Gus G. – Quantum Leap (AFM Records)

Wednesday, 20th October 2021
Rating: 8.5/10

Proficient while executing tremendous vision and focus a multitude of ways, Gus G. has excelled at the art of the guitar – becoming a permanent fixture in the power metal scene as well as elevating his play to being in the ranks of axe players sharing the studio/stage with Ozzy Osbourne. As of late while releasing records under his main Firewind band, he’s also been issuing solo products – of which Quantum Leap combines his love of instrumental compositions and showcases some of his best songs / covers in a live context for a double disc extravaganza. Raiding the riff vaults, you will enjoy a mixture of styles and textures, melding together stellar musicianship moments and key circular refrains/themes that prove Gus is a stellar songwriter, and not just a veteran ace guitarist.

Those who love his familiar power metal and shred-oriented arpeggio runs will find major delight in his finger picking and uplifting choices during “Exosphere” and “Demon Stomp”. Versatility is key to maintaining interest in an instrumental effort – Gus taking cues from the greats like Joe Satriani, Tony MacAlpine, and Vinnie Moore (the latter making a guest solo appearance for “Force Majeure”). Allowing open rhythm section interplay from bassist Dennis Ward and drummer Will Hunt gives other shining moments – the progressive, off-time “Chronesthesia” intriguing, especially during its calmer, semi-new age sequences. Acoustic/electric layers allow “Enigma of Life” that throwback, breezy charm for a bluesy ballad – reminding this scribe of the classic late 70’s/early 80’s period of the much-missed Gary Moore. The left field synth wave nuances for “Night Driver” also aid the back half dynamics to the first CD – Gus choosing carefully placed runs, often bending notes and harmony sequences that are tasteful to that 80’s soundtrack period. The second album features live renditions of songs like “Fearless”, “Thrill of the Chase” and covers by Thin Lizzy (“Cold Sweat”) and Dire Straits (“Money for Nothing”) – Dennis Ward handling the vocals in his smooth melodic hard rock range, proving that Gus has plenty of value cranking up the proceedings and delivering these tracks to audiences far and wide.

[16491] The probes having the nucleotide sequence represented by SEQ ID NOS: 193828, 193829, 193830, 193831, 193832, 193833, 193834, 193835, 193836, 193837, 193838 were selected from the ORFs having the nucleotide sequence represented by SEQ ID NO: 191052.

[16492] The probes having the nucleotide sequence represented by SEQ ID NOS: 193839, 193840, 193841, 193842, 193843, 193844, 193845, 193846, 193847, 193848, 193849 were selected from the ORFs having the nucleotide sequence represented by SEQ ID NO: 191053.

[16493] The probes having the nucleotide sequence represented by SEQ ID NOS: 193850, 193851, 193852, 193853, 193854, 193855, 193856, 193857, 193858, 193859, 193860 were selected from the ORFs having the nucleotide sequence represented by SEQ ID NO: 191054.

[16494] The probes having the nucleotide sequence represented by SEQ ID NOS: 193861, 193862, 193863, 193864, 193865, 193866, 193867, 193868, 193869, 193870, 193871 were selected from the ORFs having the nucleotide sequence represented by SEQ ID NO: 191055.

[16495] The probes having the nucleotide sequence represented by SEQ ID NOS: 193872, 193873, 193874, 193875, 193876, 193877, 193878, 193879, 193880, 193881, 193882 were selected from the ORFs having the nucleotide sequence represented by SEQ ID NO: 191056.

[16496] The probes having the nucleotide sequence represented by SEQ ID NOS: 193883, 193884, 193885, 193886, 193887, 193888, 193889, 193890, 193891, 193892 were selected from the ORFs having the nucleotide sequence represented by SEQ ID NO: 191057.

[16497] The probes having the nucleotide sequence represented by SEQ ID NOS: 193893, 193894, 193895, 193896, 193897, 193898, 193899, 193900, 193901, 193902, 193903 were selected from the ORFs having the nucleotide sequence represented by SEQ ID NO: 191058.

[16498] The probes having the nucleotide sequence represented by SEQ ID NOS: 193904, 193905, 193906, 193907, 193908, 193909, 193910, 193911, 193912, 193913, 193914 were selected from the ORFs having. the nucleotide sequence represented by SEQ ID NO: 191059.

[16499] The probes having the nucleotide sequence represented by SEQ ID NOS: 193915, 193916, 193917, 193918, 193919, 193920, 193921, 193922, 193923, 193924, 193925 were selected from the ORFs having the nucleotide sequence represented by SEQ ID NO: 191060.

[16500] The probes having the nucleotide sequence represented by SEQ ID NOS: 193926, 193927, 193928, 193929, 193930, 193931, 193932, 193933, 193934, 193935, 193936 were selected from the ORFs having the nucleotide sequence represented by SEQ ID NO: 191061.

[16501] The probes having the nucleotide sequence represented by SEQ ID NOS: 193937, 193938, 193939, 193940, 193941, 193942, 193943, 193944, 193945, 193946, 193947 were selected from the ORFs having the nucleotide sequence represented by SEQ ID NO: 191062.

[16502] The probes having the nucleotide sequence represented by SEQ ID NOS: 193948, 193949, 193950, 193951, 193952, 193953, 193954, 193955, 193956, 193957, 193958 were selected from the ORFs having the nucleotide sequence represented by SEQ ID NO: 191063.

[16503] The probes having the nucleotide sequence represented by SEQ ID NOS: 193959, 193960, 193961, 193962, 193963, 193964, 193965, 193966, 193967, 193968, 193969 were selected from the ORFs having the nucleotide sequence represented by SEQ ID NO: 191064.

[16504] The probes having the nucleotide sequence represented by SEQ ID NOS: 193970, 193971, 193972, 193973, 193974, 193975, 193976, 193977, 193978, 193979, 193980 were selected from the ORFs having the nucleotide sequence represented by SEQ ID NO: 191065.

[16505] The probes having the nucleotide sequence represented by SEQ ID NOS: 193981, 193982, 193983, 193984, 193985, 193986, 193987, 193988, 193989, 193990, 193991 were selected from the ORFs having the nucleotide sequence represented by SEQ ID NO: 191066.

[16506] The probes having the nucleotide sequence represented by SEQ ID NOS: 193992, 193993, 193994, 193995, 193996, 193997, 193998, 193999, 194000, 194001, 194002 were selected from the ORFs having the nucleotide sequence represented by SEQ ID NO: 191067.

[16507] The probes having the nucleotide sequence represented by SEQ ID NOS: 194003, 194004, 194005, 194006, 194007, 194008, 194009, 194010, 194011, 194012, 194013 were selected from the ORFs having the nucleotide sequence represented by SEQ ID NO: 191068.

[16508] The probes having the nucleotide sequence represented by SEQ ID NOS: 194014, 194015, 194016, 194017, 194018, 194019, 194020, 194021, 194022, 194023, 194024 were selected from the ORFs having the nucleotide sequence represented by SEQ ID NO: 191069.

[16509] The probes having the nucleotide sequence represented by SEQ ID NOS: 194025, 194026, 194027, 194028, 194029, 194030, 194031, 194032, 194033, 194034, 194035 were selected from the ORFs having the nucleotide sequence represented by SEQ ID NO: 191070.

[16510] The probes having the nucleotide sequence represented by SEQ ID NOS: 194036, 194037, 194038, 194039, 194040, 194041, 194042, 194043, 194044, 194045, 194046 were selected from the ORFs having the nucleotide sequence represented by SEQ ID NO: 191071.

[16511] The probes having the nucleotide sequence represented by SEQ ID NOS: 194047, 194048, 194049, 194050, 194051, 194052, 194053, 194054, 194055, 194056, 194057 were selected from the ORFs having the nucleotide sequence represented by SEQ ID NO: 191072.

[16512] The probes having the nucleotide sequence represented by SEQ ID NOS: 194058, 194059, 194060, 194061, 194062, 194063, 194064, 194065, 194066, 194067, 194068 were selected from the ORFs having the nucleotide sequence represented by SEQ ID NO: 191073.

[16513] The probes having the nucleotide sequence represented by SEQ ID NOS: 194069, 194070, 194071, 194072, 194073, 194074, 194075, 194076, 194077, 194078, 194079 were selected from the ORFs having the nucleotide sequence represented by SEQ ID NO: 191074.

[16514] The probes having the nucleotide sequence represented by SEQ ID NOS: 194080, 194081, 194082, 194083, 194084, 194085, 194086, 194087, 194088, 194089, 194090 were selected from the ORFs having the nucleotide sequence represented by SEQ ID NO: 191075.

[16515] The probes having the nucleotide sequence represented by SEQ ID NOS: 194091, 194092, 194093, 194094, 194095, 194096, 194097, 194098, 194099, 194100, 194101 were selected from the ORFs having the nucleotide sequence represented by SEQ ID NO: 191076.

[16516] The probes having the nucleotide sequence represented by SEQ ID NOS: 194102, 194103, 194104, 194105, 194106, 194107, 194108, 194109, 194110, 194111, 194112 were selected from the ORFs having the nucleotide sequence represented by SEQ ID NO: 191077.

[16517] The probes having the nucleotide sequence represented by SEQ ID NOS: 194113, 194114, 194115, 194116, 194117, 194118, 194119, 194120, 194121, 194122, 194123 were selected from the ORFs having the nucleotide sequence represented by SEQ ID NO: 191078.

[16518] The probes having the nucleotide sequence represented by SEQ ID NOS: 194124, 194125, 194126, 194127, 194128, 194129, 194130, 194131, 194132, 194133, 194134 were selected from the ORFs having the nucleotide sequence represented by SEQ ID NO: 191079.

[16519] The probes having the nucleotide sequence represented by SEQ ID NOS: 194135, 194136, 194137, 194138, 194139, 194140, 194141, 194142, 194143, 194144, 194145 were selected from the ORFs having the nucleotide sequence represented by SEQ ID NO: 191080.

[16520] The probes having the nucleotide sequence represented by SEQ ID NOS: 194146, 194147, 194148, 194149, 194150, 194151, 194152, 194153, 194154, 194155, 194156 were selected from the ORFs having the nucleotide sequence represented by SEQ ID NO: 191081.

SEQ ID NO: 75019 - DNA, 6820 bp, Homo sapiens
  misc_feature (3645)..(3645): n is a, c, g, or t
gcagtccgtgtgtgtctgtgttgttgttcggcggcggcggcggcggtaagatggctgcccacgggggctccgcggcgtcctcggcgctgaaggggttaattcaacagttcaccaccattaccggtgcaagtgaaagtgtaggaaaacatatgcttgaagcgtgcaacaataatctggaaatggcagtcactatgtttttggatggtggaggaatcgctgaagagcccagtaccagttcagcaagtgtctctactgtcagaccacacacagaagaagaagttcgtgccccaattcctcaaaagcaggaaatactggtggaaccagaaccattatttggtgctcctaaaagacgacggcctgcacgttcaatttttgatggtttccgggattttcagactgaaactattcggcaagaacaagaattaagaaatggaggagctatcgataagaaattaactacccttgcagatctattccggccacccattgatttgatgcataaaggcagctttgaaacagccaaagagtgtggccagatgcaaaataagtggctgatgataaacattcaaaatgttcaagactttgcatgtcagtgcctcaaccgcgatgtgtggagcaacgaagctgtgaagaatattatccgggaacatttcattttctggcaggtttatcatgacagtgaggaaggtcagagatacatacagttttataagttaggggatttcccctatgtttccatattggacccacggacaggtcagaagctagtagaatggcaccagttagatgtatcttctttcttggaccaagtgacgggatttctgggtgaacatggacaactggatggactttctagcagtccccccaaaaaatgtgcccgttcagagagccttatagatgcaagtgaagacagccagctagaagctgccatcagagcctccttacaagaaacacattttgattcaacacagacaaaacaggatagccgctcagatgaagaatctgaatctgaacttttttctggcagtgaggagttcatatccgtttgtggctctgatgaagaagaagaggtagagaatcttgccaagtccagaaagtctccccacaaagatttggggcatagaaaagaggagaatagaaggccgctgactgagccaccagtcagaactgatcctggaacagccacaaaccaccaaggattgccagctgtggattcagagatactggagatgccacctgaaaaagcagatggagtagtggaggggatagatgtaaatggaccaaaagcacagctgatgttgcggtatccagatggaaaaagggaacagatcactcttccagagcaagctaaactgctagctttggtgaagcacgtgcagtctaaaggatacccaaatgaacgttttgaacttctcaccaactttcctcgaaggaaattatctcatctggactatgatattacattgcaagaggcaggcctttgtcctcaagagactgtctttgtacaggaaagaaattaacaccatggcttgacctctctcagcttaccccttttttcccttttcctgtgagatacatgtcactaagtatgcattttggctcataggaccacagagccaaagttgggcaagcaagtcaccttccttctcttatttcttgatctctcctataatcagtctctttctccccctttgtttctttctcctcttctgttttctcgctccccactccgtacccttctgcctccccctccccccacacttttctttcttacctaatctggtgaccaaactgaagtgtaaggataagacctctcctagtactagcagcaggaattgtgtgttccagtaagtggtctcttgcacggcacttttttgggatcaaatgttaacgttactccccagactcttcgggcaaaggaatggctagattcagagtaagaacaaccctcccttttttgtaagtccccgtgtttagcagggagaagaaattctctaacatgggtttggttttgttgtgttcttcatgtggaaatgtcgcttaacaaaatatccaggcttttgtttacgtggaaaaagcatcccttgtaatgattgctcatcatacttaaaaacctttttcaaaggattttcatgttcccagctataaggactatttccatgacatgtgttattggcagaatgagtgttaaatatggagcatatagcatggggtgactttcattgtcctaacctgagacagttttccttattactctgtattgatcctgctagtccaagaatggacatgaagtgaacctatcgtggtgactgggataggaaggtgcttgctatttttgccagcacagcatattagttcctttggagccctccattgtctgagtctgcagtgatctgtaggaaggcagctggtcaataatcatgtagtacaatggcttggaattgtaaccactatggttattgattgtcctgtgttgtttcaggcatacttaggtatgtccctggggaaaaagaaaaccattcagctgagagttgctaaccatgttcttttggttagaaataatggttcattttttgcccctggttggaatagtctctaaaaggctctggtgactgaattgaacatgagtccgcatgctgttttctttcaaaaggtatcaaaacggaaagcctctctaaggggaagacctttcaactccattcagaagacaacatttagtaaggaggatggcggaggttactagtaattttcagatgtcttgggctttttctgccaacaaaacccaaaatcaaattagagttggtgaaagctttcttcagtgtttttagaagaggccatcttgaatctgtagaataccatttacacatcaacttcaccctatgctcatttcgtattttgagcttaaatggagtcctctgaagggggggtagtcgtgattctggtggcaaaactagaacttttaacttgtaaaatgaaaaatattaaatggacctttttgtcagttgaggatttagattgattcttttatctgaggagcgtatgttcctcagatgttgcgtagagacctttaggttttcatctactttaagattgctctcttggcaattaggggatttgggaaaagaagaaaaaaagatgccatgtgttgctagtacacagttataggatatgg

His goal for Quantum Leap was to write and execute an instrumental album that wasn’t purely about showcasing his guitar abilities – and he succeeded. It’s the type of record that can be consumed in pieces or altogether, processed and enjoyed multiple times over years, and that’s an ideal achievement that any musician wants for their craft.

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